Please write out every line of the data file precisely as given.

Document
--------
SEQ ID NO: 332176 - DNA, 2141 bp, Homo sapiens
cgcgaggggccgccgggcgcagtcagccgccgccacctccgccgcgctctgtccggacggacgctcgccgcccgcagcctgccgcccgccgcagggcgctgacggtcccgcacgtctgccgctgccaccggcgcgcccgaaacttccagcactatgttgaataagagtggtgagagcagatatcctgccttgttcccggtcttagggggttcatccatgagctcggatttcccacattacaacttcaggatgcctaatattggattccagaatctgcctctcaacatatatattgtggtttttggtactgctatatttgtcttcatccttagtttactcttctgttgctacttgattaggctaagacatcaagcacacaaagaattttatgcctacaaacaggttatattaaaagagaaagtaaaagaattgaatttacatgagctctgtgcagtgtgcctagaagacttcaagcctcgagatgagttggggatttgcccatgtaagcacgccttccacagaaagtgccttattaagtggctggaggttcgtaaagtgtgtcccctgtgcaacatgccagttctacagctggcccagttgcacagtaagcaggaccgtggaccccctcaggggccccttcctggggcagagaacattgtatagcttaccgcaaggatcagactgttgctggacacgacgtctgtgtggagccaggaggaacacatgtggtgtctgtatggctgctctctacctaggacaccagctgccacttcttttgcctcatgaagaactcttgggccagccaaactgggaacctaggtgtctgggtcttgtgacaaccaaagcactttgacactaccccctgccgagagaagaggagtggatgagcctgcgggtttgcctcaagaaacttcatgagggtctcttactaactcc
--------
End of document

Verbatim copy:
SEQ ID NO: 332176 - DNA, 2141 bp, Homo sapiens
cgcgaggggccgccgggcgcagtcagccgccgccacctccgccgcgctctgtccggacggacgctcgccgcccgcagcctgccgcccgccgcagggcgctgacggtcccgcacgtctgccgctgccaccggcgcgcccgaaacttccagcactatgttgaataagagtggtgagagcagatatcctgccttgttcccggtcttagggggttcatccatgagctcggatttcccacattacaacttcaggatgcctaatattggattccagaatctgcctctcaacatatatattgtggtttttggtactgctatatttgtcttcatccttagtttactcttctgttgctacttgattaggctaagacatcaagcacacaaagaattttatgcctacaaacaggttatattaaaagagaaagtaaaagaattgaatttacatgagctctgtgcagtgtgcctagaagacttcaagcctcgagatgagttggggatttgcccatgtaagcacgccttccacagaaagtgccttattaagtggctggaggttcgtaaagtgtgtcccctgtgcaacatgccagttctacagctggcccagttgcacagtaagcaggaccgtggaccccctcaggggccccttcctggggcagagaacattgtatagcttaccgcaaggatcagactgttgctggacacgacgtctgtgtggagccaggaggaacacatgtggtgtctgtatggctgctctctacctaggacaccagctgccacttcttttgcctcatgaagaactcttgggccagccaaactgggaacctaggtgtctgggtcttgtgacaaccaaagcactttgacactaccccctgccgagagaagaggagtggatgagcctgcgggtttgcctcaagaaacttcatgagggtctcttactaactcc